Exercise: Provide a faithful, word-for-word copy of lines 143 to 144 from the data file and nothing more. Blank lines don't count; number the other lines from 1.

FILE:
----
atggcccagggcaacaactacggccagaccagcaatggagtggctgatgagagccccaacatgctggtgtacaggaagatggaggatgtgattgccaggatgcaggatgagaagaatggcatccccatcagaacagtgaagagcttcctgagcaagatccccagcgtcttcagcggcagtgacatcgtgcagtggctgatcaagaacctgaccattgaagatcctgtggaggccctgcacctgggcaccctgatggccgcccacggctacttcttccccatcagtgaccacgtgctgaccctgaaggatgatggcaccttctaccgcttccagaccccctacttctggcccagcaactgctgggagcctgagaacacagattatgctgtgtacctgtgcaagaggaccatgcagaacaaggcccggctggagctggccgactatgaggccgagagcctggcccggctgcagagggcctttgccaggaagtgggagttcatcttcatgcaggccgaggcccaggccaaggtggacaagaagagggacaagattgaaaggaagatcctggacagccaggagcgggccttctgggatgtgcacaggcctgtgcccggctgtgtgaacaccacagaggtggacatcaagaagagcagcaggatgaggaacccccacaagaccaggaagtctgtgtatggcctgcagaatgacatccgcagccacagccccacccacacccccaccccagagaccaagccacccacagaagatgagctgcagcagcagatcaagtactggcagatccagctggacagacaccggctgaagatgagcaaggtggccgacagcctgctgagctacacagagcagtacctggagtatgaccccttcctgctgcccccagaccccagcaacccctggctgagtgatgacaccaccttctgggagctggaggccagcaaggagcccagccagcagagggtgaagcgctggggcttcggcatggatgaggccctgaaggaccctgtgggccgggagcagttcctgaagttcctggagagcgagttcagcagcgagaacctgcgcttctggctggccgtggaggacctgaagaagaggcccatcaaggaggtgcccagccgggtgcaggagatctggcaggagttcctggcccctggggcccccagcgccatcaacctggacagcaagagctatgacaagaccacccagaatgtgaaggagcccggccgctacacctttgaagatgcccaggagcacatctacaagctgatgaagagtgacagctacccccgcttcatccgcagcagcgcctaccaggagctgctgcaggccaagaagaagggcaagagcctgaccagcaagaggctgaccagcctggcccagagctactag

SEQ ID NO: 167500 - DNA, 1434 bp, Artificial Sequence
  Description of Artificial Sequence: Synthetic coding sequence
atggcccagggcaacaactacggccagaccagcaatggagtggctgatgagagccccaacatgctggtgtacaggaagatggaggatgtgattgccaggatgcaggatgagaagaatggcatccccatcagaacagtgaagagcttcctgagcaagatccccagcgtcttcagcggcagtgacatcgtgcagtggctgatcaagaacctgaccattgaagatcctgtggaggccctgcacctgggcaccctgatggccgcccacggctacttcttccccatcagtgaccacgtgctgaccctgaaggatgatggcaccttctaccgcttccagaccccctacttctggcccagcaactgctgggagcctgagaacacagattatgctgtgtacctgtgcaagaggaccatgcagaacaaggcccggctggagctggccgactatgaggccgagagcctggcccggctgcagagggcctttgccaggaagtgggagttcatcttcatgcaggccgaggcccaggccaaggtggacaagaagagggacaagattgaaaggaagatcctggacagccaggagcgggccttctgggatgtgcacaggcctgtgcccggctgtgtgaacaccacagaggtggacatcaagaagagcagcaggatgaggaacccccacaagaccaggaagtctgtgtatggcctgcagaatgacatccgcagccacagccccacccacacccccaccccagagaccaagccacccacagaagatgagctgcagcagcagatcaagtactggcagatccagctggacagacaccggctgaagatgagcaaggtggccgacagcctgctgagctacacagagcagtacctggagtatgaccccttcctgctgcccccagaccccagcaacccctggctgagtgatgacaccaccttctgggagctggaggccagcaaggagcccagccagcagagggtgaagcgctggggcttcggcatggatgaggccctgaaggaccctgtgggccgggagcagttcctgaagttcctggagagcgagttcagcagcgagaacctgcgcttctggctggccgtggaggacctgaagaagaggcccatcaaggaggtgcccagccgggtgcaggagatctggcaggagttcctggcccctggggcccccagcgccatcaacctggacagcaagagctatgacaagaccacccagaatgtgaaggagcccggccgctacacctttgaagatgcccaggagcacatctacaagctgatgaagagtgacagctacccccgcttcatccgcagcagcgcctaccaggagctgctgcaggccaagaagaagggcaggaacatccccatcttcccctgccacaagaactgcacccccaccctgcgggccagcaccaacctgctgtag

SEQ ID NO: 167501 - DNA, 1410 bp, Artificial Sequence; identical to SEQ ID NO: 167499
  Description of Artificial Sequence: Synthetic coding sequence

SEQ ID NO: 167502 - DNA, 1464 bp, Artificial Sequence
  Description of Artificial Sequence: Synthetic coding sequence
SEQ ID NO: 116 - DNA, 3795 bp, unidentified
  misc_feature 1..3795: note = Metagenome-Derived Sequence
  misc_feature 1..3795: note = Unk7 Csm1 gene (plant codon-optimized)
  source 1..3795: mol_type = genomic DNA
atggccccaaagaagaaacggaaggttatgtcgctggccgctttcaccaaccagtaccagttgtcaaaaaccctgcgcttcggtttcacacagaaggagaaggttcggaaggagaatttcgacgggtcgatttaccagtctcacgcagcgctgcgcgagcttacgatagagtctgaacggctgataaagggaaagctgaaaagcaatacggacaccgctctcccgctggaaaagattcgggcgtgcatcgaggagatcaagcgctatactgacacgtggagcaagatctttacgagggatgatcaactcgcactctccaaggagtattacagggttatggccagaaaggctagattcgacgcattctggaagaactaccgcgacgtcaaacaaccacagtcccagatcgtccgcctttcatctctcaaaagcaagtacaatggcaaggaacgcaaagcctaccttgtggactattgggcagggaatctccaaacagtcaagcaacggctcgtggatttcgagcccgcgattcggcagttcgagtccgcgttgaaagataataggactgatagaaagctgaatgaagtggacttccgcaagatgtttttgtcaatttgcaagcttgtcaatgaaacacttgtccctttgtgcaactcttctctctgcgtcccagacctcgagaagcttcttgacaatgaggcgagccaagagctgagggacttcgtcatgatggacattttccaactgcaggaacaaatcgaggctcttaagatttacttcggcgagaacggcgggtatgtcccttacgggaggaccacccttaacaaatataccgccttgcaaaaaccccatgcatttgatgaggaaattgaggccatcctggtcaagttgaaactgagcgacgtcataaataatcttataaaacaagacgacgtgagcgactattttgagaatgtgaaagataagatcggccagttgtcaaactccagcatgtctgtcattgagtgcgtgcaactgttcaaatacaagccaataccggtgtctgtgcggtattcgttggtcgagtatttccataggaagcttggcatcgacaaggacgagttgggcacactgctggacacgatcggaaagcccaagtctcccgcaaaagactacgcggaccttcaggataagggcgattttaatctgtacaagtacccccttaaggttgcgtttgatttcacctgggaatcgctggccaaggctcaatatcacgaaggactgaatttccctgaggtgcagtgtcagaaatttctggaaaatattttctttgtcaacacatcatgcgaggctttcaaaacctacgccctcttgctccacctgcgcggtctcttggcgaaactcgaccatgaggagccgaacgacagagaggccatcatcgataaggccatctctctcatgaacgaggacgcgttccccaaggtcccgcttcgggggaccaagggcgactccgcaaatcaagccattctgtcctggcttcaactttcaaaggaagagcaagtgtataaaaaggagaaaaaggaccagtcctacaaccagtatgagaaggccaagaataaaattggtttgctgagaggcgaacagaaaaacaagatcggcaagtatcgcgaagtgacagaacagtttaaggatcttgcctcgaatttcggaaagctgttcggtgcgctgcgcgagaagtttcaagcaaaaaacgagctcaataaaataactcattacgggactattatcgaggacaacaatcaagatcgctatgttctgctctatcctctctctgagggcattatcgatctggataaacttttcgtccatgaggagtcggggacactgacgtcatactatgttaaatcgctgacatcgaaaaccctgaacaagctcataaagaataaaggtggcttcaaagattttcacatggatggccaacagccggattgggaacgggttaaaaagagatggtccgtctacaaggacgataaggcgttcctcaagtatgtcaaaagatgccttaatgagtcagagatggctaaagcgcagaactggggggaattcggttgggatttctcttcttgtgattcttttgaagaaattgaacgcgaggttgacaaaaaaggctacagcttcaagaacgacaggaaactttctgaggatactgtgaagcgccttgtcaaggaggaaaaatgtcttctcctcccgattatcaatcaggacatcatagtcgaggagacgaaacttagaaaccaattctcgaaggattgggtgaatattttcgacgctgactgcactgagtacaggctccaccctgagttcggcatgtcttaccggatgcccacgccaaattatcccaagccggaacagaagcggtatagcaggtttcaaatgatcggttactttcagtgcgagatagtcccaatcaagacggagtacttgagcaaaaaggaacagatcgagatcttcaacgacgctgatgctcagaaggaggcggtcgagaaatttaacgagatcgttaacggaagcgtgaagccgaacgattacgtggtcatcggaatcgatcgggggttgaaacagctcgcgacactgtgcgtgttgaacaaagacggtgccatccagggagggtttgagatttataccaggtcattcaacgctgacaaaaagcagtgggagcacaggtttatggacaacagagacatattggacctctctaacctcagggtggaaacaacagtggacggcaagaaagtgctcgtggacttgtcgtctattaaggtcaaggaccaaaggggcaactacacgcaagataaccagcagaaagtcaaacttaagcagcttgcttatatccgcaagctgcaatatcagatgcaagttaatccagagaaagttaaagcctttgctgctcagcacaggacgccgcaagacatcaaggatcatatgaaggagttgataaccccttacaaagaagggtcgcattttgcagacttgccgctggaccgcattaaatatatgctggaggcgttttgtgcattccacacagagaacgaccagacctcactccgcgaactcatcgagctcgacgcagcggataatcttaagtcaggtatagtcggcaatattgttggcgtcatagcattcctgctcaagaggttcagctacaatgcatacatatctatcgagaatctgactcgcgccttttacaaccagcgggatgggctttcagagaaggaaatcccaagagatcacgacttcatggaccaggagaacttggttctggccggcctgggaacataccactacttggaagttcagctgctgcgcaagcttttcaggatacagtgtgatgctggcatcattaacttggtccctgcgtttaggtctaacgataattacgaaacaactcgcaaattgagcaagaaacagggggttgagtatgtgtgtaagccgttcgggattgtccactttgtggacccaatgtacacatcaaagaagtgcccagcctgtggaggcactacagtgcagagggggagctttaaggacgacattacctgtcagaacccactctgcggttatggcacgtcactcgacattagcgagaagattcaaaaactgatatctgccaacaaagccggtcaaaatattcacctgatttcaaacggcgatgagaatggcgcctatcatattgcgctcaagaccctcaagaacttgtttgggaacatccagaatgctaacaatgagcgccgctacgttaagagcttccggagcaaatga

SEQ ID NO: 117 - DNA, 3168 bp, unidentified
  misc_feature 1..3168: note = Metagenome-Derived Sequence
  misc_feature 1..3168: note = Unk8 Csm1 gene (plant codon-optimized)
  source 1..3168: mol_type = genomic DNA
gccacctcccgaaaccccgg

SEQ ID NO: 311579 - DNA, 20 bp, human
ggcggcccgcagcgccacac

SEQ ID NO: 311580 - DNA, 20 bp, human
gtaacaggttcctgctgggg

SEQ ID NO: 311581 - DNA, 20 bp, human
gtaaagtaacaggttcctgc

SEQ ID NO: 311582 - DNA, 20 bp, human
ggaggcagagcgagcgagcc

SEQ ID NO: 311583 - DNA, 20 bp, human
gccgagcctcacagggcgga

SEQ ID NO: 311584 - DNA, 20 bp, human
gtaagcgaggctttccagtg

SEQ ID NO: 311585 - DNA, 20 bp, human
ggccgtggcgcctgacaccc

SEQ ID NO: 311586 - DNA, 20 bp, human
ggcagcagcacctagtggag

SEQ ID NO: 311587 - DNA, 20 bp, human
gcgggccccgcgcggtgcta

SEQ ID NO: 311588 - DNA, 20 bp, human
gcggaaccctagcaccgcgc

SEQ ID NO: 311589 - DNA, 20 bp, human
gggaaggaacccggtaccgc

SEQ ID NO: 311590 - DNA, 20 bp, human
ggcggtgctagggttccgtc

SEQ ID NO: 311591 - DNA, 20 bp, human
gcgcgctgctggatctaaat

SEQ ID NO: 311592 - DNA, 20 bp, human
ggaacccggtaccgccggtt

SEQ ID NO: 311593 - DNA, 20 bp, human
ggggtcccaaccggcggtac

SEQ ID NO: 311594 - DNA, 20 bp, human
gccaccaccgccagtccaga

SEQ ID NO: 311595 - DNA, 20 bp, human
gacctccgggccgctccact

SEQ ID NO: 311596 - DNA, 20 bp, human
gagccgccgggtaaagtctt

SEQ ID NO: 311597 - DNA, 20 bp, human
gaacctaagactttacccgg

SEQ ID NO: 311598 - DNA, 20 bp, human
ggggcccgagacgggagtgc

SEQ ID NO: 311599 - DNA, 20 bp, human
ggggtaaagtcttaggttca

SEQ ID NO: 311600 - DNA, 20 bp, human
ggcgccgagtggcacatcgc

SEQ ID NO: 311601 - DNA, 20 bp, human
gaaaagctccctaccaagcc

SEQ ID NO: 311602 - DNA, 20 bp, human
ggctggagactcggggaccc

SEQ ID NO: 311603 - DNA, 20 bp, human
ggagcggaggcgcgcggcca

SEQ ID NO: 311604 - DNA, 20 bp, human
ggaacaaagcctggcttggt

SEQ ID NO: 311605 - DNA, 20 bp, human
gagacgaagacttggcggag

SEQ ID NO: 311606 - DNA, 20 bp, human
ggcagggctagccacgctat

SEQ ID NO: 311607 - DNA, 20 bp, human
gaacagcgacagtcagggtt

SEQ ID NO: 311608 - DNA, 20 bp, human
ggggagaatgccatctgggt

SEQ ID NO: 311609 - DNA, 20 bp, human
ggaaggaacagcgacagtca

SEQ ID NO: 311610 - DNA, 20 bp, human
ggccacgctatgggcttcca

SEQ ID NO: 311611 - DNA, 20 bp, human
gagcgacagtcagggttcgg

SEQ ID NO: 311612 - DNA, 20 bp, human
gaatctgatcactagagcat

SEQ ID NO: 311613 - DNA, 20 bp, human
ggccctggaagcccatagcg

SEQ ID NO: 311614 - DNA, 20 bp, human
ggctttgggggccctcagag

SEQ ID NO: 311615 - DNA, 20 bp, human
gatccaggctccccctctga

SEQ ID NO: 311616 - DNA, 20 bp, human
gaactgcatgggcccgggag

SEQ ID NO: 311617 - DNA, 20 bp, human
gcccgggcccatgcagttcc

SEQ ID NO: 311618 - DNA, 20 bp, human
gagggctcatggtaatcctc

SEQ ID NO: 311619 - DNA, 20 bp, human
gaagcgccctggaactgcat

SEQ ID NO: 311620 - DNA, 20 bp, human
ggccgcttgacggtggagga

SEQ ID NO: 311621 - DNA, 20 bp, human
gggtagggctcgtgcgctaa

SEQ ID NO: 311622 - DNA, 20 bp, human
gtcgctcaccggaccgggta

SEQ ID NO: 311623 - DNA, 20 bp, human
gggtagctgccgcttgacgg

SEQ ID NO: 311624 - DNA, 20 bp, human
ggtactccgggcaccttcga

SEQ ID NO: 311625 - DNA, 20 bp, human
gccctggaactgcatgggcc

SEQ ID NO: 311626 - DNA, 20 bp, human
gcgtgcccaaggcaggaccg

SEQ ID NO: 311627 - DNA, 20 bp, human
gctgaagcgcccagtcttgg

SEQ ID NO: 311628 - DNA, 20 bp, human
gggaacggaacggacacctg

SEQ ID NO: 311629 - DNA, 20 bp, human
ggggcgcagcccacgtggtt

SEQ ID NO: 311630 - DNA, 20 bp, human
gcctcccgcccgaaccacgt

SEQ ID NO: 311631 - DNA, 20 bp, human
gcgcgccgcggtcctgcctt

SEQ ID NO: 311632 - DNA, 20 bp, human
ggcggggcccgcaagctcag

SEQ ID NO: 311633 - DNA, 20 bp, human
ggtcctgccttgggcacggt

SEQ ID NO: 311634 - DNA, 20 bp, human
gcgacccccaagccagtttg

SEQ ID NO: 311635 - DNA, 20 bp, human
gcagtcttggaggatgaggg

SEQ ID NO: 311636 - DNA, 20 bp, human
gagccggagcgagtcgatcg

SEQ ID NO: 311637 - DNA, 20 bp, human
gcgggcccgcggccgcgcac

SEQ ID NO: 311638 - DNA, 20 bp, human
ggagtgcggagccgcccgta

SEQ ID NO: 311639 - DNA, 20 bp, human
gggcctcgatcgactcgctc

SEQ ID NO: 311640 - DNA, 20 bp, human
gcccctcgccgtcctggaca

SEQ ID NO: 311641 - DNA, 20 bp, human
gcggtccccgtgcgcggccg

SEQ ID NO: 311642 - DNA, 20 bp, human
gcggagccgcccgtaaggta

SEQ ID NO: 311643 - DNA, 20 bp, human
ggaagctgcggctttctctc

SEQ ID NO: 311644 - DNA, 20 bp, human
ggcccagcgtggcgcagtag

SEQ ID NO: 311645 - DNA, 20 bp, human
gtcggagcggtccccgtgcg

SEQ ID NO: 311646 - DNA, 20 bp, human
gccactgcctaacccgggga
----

SEQ ID NO: 311641 - DNA, 20 bp, human
gcggtccccgtgcgcggccg